14 February 2019

How do you perform a material test on a conveyor belt scale?

Material testing can sometimes be challenging. Once I was material testing a scale in a plant that converted municipal sludge to fertilizer pellets. The entire plant was in a large warehouse type building and the smell was similar to what you would probably imagine. After the first day of working on the scale, on my way back to my hotel, I stopped at a grocery store to pick up a few things. As I’m walking through the store, I realize I am getting some very odd looks. The smell from the plant was in my clothes, but because I was around it all day I could not smell it. Once I realized this, I left the store and immediately went to the hotel to clean up. Although some materials may be more pleasant (and less embarrassing) to test than others, material testing is an important aspect in validating a conveyor belt scale’s accuracy.

A material test is the only way to verify that a conveyor belt scale is accurate, and it is recommended that all conveyor belt scales be material tested. Material testing consists of weighing a sample of material on a known accurate, static scale either before or after it has crossed the conveyor belt scale. Finding a way to capture a material sample or introduce one in the process can take a bit of creativity. Sometimes rotating a screw conveyor or chute can give you enough room to put a small hopper under the discharge. Another common way of material testing is to empty the bin before the scale and partially filling it with pre-weighed material. There have been very few cases where I have not been able to come up with some way to perform a material test, but sometimes the difficulty in weighing a material sample is not practical for the increase in accuracy that will be achieved. If the scale being installed in a system is still in the design stages, consider adding a diverter gate that will allow you to divert the material into a small hopper that can be weighed.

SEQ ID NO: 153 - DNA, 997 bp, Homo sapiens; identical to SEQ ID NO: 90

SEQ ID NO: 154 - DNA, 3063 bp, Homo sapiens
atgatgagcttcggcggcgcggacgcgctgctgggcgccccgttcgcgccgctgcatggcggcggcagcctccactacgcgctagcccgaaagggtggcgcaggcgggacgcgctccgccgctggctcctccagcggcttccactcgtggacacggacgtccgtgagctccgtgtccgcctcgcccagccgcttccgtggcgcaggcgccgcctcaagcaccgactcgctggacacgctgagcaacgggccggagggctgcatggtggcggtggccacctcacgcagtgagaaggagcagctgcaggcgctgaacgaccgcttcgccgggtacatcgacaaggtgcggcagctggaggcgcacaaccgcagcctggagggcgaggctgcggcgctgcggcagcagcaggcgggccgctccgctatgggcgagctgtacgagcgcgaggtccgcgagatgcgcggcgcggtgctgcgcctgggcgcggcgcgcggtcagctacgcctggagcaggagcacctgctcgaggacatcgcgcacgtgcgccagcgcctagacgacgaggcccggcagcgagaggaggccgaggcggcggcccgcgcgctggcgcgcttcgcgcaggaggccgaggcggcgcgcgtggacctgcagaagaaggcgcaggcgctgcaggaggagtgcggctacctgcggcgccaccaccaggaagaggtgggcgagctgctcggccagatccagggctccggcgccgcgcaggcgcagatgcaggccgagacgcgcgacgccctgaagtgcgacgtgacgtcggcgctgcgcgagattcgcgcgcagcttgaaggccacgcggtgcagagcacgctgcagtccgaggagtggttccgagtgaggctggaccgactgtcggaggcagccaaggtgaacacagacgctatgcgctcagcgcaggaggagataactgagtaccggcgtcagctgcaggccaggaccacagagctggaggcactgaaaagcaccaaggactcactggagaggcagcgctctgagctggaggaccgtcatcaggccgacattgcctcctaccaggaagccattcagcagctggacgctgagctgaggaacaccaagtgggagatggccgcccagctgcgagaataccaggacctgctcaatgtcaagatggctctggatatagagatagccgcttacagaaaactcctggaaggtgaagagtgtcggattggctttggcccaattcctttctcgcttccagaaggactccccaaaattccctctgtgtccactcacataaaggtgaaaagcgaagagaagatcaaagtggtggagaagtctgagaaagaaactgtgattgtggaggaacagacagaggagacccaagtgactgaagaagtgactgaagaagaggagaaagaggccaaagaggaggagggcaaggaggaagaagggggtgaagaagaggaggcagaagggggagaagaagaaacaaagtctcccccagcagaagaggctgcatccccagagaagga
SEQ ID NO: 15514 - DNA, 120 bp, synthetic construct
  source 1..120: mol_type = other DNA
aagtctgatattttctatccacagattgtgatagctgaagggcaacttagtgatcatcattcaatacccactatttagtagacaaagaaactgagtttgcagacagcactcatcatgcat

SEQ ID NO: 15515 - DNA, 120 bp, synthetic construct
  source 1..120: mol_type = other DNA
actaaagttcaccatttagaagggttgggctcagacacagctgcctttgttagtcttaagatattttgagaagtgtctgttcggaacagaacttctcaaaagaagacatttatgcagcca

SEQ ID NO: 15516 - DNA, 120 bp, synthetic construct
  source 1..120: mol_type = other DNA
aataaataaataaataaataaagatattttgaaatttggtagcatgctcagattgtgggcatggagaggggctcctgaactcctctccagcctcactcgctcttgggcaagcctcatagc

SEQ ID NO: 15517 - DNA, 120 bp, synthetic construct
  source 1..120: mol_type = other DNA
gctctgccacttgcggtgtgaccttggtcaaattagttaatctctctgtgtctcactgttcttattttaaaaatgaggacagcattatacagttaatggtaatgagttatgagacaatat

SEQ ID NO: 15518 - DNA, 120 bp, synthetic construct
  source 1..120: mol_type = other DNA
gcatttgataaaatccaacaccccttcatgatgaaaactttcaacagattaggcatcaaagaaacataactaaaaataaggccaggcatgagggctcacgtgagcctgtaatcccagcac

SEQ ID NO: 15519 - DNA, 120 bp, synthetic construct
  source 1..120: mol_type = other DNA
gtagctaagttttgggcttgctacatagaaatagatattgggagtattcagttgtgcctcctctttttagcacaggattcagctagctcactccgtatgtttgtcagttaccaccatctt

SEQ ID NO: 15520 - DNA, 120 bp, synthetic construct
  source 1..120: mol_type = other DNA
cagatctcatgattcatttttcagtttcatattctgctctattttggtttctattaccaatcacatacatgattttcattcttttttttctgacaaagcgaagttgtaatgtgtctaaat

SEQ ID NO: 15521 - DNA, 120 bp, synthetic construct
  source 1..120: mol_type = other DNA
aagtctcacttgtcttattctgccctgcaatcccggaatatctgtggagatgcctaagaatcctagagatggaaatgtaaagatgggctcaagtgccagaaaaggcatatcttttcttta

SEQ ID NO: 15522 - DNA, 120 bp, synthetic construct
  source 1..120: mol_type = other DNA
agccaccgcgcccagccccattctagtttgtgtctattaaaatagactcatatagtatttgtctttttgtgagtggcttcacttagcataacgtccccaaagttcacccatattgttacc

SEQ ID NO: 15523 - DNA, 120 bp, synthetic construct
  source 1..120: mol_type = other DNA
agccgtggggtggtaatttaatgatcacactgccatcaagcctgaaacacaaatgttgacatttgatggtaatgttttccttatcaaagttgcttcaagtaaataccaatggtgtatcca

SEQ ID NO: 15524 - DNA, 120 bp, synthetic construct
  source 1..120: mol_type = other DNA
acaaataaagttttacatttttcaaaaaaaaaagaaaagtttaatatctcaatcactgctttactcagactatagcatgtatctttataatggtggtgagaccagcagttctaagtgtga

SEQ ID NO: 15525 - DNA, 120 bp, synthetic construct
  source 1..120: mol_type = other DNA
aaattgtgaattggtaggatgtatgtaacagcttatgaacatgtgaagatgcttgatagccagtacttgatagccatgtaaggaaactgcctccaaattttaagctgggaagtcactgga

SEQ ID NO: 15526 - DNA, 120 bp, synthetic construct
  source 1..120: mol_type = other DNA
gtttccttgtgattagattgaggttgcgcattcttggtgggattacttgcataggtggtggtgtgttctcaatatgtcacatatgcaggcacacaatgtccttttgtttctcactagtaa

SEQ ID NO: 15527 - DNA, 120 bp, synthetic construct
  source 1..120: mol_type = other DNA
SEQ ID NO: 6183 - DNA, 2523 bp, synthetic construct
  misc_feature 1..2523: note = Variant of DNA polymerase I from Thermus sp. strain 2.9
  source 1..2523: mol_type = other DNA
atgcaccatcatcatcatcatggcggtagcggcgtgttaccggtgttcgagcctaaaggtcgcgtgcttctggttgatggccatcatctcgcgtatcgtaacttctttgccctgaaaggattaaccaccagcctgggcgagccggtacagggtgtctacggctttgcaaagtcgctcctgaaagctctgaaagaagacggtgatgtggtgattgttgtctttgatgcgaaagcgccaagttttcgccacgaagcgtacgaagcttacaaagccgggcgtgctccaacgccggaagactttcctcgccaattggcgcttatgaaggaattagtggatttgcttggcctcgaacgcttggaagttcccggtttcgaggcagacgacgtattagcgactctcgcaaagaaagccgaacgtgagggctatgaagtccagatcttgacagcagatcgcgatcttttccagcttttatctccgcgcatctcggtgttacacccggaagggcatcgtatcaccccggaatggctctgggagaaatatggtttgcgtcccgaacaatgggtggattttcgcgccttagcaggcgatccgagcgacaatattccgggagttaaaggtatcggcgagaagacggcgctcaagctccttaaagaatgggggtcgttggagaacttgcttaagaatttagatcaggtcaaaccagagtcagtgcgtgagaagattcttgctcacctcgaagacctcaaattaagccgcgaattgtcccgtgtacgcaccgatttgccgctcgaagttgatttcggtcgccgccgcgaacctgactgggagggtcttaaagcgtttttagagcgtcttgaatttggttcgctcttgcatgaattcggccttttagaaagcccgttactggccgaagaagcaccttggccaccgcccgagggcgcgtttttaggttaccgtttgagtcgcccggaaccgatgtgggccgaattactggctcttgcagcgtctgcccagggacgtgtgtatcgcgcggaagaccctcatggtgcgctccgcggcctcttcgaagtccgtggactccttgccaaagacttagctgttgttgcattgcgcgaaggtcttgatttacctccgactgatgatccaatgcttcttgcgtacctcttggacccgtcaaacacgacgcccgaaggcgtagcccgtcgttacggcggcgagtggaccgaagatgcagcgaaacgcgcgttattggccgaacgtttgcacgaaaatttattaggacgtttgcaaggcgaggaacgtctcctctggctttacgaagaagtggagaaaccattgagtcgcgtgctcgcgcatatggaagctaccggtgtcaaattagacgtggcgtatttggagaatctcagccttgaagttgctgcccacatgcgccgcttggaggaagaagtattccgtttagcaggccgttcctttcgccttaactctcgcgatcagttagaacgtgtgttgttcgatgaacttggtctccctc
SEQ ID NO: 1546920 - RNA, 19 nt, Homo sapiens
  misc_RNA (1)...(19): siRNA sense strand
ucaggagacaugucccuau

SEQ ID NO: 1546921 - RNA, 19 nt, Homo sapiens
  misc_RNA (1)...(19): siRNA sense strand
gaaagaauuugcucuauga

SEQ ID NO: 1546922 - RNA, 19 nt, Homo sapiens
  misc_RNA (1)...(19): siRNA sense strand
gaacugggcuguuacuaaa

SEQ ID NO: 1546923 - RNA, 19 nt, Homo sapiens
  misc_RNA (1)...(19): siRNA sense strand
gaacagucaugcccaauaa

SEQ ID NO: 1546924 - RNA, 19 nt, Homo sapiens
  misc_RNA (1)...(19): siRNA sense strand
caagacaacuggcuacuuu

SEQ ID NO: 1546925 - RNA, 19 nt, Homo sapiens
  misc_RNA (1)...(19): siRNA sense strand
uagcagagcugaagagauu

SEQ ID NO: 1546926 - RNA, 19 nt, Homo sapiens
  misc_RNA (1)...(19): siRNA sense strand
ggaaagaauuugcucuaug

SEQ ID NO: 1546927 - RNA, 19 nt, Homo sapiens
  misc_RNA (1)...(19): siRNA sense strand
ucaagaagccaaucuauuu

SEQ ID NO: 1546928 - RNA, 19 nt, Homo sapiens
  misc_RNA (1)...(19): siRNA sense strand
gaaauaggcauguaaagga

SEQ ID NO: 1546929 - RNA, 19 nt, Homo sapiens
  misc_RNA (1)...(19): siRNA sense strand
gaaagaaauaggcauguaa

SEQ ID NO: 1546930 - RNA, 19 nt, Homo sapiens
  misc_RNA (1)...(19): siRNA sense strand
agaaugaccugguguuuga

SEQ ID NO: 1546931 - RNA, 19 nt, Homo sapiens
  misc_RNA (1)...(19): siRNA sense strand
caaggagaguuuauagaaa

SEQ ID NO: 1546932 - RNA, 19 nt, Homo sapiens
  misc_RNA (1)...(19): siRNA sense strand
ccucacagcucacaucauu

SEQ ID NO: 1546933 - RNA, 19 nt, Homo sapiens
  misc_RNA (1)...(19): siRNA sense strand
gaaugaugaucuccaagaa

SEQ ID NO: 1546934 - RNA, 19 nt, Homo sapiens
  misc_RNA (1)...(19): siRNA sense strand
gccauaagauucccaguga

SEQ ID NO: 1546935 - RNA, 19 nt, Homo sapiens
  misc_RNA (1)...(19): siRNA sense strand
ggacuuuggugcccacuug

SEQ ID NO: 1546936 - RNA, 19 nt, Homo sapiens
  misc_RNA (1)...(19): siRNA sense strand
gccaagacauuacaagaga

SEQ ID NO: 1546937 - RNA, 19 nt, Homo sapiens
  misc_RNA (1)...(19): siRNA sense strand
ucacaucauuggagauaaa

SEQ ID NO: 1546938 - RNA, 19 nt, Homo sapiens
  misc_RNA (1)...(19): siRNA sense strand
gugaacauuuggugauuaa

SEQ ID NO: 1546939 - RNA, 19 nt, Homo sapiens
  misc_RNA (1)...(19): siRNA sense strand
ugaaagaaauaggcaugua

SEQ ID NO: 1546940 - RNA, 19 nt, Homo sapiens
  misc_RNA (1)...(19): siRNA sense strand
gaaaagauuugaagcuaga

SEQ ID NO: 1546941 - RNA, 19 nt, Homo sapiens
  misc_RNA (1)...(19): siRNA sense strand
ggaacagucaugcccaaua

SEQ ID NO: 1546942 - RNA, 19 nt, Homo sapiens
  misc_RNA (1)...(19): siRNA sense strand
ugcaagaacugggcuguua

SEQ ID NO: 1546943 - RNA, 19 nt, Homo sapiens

Prior to starting a material test the belt scale should be calibrated and the static scale used to weigh the material sample should be checked to verify its operation. Verifying the operation of the reference scale is a step that is often overlooked when performing a material test, but I have spent many hours looking for a problem with the conveyor scale when the error was in the reference scale.

To correctly material test a conveyor belt scale you should run three weighed material samples. The first two tests are used to determine a repeatable error, if any. Each material sample should be run across the conveyor belt scale continuously at a rate over 50% of the scale’s rated capacity. You may find after the first two tests that the scale has a small repeatable error. If that is the case, the conveyor belt scale can be adjusted and a third test should be done to verify the correction. If there is an error in the scale that is not repeatable, the source of the non-repeatability must be found and corrected.

How large should the material sample be?